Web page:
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Scenario-Based Validation of the Online Tool for Assessing Teachers’ Digital Competences

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Presentation at TEA 2016 conference, Tallinn University

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Scenario-Based Validation of the Online Tool for Assessing Teachers’ Digital Competences

  1. 1. Scenario-Based Validation of the Online Tool for Assessing Teachers’ Digital Competences Mart Laanpere, Kai Pata (Tallinn University) Piret Luik, Liina Lepp (University of Tartu)
  2. 2. Context • Estonian National Strategy for Lifelong Learning 2020: Digital Turn towards 1:1 computing, BYOD, new pedagogy • Teachers’ digital competence is a key, hard to assess • Teachers’ professional qualification standard refers to digital competence model based on ISTE standard • Three competing approaches to digital competence: – digital competence as generic key competence (European Parliament, 2006) – digital competencies as a minimal set of universal technical skills (ECDL, DigComp) – digital competence as a subset of professional skills that are highly dependent on the specific professional context (ISTE)
  3. 3. Assessment rubric • Five competence domains, four competences in each (see cnets.iste.org) • Five-point scale, detailed descriptions of performance for each level of competence (inspired by Bloom’s taxonomy) • Seven pages in small script • Used for self-assessment (PDF) and implemented in an online self- and peer assessment tool DigiMina (Põldoja et al 2011)
  4. 4. DigiMina screenshot
  5. 5. Research problem • Both DigiMina and underlying assessment rubric were “too heavy”, teachers’ workload too big (both in self- and peer-assessment) • Estonian adaptation of the rubric was confusing, disconnected from teachers’ everyday life and vocabulary they use (= low ecological validity) • How to validate/improve the rubric and define the requirements for the next online assessment tool?
  6. 6. Research questions • Which performance indicators are difficult to understand or irrelevant? • What are main factors affecting the teachers’ workload while self-assessing one’s digital competence with this rubric and how to reduce it? • How to increase the ecological validity of the rubric, self-assessment tool and its application scenarios? • How suitable is the 5-point scale used in the rubric and might there exist some better alternatives (e.g. Levels of Use)? • Which changes in the rubric, tool and procedure would improve their wide-scale uptake? • Which incentives would motivate the majority of teachers to use the rubric and self-assessment tool?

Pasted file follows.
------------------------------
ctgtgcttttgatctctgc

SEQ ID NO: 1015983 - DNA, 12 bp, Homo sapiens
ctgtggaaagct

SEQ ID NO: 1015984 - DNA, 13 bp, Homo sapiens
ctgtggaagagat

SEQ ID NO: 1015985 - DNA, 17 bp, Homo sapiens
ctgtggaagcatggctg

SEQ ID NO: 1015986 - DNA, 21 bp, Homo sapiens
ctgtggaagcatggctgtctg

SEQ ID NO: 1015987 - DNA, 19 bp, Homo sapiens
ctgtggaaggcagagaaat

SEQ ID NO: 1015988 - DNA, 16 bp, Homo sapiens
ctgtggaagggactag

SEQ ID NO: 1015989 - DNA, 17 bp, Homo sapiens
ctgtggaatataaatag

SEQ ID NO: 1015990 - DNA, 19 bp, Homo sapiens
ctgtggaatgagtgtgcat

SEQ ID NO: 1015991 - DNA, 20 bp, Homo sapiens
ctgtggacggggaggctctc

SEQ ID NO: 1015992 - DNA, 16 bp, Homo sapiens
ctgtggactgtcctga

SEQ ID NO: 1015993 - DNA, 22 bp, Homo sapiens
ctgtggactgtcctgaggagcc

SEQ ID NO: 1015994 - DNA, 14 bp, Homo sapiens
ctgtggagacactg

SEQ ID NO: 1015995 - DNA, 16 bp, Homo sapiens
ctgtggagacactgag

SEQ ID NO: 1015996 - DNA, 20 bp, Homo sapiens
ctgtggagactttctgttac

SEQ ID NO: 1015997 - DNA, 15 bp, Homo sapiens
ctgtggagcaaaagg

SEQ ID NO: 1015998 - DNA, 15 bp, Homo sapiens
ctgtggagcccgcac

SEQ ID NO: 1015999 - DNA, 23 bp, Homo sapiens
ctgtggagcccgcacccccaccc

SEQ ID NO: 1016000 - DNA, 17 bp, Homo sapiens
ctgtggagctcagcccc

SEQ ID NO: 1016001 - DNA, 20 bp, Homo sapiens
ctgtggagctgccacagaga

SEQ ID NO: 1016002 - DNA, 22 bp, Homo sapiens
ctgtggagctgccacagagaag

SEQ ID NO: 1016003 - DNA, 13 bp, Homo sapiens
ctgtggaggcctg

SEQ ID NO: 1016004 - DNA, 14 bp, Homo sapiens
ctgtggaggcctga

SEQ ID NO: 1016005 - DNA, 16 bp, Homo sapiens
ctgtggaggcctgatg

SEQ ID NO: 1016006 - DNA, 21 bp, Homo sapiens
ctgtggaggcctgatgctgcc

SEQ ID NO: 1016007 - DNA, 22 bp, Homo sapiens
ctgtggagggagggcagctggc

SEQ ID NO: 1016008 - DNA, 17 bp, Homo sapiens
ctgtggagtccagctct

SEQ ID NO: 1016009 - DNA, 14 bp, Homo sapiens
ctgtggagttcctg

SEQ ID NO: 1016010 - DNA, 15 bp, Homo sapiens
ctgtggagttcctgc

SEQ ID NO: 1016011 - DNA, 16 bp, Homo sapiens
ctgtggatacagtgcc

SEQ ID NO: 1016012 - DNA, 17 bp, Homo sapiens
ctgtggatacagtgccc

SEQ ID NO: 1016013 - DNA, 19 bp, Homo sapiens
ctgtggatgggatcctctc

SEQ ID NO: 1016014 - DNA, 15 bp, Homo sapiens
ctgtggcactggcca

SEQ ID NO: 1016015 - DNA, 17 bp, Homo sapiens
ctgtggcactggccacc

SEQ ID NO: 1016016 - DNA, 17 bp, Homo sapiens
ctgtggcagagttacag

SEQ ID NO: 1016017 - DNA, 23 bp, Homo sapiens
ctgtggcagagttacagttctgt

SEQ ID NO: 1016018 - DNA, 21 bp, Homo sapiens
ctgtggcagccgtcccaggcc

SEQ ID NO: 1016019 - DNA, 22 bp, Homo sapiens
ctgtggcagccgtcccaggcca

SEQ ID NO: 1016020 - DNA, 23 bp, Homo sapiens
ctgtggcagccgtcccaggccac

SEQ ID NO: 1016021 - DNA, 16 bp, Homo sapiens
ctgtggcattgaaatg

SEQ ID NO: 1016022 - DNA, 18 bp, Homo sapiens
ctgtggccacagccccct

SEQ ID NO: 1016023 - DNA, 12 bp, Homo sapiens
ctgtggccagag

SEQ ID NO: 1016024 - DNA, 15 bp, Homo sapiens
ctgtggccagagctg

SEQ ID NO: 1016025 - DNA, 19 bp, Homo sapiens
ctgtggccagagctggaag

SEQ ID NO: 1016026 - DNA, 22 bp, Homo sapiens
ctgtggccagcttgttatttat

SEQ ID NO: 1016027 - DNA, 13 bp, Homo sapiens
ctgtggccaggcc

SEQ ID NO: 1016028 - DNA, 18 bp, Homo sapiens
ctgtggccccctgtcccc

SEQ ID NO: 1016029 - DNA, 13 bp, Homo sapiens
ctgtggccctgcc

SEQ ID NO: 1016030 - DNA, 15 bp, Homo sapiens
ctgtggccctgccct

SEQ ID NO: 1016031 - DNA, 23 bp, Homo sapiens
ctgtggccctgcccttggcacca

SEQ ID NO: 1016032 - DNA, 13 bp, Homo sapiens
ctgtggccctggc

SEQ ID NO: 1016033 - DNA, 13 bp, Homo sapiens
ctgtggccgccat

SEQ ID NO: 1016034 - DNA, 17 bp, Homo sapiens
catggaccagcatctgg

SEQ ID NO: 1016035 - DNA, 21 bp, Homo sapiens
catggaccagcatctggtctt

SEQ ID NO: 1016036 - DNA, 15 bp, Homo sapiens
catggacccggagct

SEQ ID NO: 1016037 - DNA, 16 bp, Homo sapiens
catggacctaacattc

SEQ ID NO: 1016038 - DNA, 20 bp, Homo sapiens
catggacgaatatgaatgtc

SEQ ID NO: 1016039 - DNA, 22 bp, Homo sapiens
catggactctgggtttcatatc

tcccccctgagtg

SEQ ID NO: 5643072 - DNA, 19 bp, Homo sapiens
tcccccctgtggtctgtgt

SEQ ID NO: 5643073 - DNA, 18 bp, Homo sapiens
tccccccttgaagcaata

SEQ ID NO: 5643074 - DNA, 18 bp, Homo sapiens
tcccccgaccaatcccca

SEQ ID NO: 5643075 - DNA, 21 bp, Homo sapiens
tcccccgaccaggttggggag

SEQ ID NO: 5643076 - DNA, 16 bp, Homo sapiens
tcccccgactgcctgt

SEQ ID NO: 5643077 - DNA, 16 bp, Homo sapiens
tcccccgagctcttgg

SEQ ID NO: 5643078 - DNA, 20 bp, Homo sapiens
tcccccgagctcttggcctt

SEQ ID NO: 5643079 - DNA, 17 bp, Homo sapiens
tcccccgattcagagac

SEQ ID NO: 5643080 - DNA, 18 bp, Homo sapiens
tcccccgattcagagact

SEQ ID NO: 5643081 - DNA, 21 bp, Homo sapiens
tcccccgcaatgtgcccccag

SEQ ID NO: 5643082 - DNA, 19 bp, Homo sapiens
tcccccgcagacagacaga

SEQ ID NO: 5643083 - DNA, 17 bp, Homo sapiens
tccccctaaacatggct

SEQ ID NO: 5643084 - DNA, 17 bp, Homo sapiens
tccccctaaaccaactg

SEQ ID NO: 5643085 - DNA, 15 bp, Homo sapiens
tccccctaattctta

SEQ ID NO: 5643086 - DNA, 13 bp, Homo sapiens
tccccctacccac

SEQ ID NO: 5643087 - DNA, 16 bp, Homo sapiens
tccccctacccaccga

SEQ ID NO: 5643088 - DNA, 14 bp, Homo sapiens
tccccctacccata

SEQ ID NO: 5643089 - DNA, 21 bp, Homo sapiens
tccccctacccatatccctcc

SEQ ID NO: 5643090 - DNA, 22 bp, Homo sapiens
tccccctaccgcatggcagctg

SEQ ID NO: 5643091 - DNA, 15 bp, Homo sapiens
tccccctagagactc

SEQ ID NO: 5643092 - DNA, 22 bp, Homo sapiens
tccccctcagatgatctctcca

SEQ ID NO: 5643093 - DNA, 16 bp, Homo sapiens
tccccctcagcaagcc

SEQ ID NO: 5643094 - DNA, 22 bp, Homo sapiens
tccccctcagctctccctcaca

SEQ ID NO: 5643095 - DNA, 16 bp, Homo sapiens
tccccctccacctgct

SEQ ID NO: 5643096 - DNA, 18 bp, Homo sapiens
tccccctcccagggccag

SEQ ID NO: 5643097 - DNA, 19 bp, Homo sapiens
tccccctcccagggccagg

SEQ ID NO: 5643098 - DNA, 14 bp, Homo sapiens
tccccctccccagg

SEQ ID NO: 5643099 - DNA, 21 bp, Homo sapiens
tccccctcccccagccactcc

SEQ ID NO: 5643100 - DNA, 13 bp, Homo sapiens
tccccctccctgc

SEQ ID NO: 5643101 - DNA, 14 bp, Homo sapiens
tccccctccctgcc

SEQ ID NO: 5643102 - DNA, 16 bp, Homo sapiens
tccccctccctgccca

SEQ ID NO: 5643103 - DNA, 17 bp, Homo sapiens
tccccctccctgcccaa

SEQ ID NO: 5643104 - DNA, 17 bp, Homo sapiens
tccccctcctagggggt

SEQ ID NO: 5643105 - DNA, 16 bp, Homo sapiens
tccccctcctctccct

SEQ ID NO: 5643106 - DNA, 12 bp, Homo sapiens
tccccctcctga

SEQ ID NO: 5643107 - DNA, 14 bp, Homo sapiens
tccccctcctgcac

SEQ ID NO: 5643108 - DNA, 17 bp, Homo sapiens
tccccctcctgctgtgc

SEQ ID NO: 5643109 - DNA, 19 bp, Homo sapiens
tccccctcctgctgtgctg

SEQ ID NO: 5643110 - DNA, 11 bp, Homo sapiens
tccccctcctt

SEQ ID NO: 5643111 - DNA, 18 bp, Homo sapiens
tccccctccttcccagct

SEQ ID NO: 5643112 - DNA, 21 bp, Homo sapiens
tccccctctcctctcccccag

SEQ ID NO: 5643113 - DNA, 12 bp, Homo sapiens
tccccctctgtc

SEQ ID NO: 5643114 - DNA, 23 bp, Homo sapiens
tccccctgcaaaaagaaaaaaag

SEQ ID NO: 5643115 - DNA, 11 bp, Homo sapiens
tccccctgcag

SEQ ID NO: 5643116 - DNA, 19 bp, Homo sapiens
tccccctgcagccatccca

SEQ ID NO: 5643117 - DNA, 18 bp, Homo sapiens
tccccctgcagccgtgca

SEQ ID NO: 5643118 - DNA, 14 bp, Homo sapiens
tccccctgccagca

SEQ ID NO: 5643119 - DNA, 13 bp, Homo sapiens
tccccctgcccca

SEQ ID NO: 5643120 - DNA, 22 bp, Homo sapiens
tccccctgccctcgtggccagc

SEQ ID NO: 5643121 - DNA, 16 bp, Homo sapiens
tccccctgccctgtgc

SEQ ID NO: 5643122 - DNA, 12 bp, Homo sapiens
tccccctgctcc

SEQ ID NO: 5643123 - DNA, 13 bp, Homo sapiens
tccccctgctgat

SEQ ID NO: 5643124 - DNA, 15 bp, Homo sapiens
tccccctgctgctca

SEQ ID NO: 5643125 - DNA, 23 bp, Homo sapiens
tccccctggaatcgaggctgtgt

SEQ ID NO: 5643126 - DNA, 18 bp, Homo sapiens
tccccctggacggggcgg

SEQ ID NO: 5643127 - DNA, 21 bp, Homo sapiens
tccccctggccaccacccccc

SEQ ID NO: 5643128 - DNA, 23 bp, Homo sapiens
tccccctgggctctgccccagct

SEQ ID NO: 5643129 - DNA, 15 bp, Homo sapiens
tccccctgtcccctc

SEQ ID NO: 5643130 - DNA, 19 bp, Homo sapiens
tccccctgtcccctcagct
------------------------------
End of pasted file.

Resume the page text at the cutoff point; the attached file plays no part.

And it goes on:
7. 7. Scenario-based participatory design • Personas (typical users): teacher with low self- efficacy, experienced teacher, student teacher, school principal, teacher trainer, qualification authority • Scenarios: – Self-assessment (teacher 1, principal) – School’s digital strategy (teachers 1&2, principal) – Accreditation (teacher 2, authority) – School practice (student teacher) – Grouping for teacher training (teacher 1, trainer)
  8. 8. Data collection • Quota sample of 2 groups (Tallinn & Tartu) of 6 respondents corresponding 6 personas • A few days prior to interviews: individual self- assessment based on the online rubric, adding evidences and written comments • Four 120-minute long focus group interviews • Audio was recorded, transcribed and analysed
  9. 9. Results • Level 5 looks often “easier” than level 3, level 4 stays often untouched, taxonomy was not clear • Respondents: no need to change the scale • Comments: some statements in the rubric were difficult to understand • Evidences provided by respondents showed that sometimes they misinterpreted the statements in the rubric • Workload too high, motivation low, no incentives
  10. 10. Discussion • There is a difference between what the respondents WANT and what they actually NEED • Unfamiliar concepts: definitions vs examples • Scale: 5-point contextualised vs 3-point • Scenario-based approach was helpful • Not enough input for requirements for software tool
  11. 11. Conclusions • Based on the suggestions from this study, the work group shortened and simplified the statements of the rubric • Switch to 3-point scale inspired by LoU/CBAM: – “I know what it is and have tried it” – “I practice it on a regular basis” – “I am expert in this, leading others” • Suggestions regarding requirements for online tool development • Unexpectedly, the ministry changed the preference towards MENTEP tool and rubric

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